In order to tell big, sweeping truths about the human condition, film and television productions often have to cheat a little when it comes to the small stuff. Few people talking on a phone onscreen ever say “goodbye,” because it would be tedious for an audience. Take a look at a few more examples of how Hollywood tweaks reality to fit their narratives.
1. CAR SEATS DON’T HAVE HEADRESTS.
The next time you see characters in a film going for a drive, look closely at the vehicle's features. In a lot of cases, the headrests will be missing. The adjustable cushions are there to help protect your head and neck in the event of an accident, but in fiction, they tend to get in the way of the camera when it’s trying to photograph passengers. Which is the same reason why rearview mirrors are often removed, too.
2. THE STREETS ARE USUALLY WET AT NIGHT.
As protagonists drive recklessly around town without headrests, you might notice that nighttime scenes usually feature glistening, rain-soaked streets. You can chalk it up to atmosphere, but in most cases, it’s because the director of photography mandated it: Wet pavement cuts down on diffuse reactions that will cast shadows from nearby production equipment. It can also reflect the available light to create a moodier frame.
3. SPRINKLER SYSTEMS DRENCH EVERYTHING.
A reliable distraction in movies, fire suppression sprinkler systems usually respond to a character lighting a match by setting off every sprinkler in a building. As the sprinkler industry is eager to point out, the systems don’t work this way—because no one wants to clean up multiple floors of water damage. A fire source will set off the nearest sprinkler by melting the heat-sensitive element inside of it, and only those sprinklers exposed to the heat will respond. You can also forget about pulling a fire alarm level to get the water flowing; that typically won't activate the system, either.
4. CHLOROFORM WORKS IMMEDIATELY, AND IS ESSENTIALLY HARMLESS.
A staple of operating theaters over 100 years ago, chloroform took on a second life in the movies as a quick, easy way to subdue characters who were apparently too important to be killed immediately. But unlike the rapid effect of a drug-soaked cloth wielded by a villain, real chloroform needs to be inhaled for several minutes in order to affect a person’s consciousness. It’s also incredibly dangerous to breathe in, making any detective or noir movie reenactments very ill-advised.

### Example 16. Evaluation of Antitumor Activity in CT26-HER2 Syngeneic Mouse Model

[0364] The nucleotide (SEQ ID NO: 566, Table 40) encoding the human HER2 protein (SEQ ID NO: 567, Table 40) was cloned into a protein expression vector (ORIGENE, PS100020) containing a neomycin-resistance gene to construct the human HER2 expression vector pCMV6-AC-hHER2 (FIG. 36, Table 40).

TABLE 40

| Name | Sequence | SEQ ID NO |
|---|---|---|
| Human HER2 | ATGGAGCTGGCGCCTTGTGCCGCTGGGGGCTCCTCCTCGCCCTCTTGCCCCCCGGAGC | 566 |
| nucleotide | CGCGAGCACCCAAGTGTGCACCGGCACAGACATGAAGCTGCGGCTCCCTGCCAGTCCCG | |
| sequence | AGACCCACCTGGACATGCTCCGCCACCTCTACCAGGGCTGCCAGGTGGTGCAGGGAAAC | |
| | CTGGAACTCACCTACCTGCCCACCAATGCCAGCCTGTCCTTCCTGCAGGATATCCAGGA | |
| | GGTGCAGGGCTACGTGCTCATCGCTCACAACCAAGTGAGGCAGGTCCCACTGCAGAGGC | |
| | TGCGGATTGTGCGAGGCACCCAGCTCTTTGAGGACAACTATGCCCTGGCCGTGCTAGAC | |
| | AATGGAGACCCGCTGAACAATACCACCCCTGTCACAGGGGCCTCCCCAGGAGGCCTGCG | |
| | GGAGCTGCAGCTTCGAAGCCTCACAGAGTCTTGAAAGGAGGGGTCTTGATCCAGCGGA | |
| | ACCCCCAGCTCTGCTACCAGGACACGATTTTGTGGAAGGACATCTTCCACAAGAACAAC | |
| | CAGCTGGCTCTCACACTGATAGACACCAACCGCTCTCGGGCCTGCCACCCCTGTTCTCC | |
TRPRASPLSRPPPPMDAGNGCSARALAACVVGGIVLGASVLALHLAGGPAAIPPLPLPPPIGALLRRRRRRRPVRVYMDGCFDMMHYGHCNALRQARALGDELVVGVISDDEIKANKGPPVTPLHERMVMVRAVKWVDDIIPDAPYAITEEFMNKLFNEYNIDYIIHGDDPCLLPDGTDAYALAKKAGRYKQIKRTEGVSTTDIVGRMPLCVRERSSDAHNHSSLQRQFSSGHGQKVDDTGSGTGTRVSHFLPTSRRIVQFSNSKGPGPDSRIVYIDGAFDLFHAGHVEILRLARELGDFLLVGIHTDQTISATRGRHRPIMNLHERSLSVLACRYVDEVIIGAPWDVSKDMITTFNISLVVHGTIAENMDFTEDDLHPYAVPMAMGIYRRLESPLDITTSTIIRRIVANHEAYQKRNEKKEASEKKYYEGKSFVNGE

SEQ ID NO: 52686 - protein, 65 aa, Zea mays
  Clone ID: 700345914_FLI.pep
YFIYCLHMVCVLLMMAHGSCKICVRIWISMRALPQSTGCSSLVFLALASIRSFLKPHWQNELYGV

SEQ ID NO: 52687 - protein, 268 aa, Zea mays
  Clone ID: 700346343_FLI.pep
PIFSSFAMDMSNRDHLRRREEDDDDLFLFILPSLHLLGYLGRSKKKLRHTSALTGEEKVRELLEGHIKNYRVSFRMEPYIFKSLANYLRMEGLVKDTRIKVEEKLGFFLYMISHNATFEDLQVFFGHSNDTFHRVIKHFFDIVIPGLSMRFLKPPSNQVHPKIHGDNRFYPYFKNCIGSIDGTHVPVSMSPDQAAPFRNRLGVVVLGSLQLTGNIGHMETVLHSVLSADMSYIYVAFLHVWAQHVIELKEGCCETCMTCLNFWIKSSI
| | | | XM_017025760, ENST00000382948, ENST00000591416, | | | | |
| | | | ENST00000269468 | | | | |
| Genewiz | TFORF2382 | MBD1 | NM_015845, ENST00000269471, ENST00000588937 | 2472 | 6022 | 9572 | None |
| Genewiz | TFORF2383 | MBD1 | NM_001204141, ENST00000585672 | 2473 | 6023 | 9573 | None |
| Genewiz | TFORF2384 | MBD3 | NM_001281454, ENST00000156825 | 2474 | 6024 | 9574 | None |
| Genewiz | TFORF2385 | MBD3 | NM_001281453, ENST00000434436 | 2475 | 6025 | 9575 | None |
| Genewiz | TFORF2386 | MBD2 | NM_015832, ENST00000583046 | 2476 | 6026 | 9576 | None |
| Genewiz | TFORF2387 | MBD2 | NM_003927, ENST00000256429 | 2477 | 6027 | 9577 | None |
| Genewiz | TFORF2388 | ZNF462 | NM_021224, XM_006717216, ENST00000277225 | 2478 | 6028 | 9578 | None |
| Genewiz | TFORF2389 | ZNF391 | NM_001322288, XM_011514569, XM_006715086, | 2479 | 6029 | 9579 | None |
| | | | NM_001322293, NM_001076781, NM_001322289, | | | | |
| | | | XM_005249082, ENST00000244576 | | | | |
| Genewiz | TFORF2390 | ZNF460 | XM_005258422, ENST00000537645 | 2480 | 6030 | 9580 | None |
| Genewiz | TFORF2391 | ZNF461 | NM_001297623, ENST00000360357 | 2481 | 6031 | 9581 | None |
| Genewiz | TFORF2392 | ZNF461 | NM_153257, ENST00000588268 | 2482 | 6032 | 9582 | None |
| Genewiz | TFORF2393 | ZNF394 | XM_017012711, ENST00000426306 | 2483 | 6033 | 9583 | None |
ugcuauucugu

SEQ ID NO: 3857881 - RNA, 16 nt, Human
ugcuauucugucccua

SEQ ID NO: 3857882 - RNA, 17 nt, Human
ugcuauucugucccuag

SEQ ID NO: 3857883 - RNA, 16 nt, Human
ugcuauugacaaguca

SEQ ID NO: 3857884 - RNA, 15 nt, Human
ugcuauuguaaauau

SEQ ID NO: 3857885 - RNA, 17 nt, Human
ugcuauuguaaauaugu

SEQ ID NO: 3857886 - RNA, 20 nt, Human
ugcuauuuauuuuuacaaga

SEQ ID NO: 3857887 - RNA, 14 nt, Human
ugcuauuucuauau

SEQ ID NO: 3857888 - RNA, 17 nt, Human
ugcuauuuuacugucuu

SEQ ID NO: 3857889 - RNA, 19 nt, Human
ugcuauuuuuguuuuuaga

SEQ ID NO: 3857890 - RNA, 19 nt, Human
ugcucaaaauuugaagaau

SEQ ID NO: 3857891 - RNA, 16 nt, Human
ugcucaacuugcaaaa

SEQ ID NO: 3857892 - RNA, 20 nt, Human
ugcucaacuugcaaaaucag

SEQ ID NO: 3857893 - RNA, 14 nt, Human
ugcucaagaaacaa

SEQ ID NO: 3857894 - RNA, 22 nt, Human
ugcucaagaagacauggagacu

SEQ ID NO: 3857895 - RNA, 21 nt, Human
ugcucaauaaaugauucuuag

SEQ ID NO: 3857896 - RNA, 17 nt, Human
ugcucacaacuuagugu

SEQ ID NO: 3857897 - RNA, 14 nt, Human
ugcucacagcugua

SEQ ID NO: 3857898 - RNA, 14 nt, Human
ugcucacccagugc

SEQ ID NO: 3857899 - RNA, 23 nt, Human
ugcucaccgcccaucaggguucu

5. AIR DUCTS ARE A FEASIBLE WAY TO GET AROUND WITHOUT BEING DETECTED.
For heroes trapped in confined spaces, nothing beats crawling into the HVAC system and navigating a building without being seen: Think John McClane snaking his way through Nakatomi Plaza’s ducts. Unfortunately, real systems aren’t designed to support the weight of a fully-grown adult and aren’t typically big enough to fit one. The interior of a duct would also be caked with dust. Even if a protagonist somehow found a weight-bearing system, he or she would make so much noise that they'd be discovered immediately. (That being said, Die Hard is still a flawless movie.)
6. SILENCERS ELIMINATE ANY NOISE A GUN MIGHT MAKE.
When a villain wants to be as discreet as possible, he or she often screws a silencer to a firearm in order to muffle the sound of the gunshot. While movies usually depict this as something akin to a mouse fart (“pfft”), the reality is that silencers are still plenty loud—they lessen, but hardly eliminate, the crack of a shot (as MythBusters once demonstrated).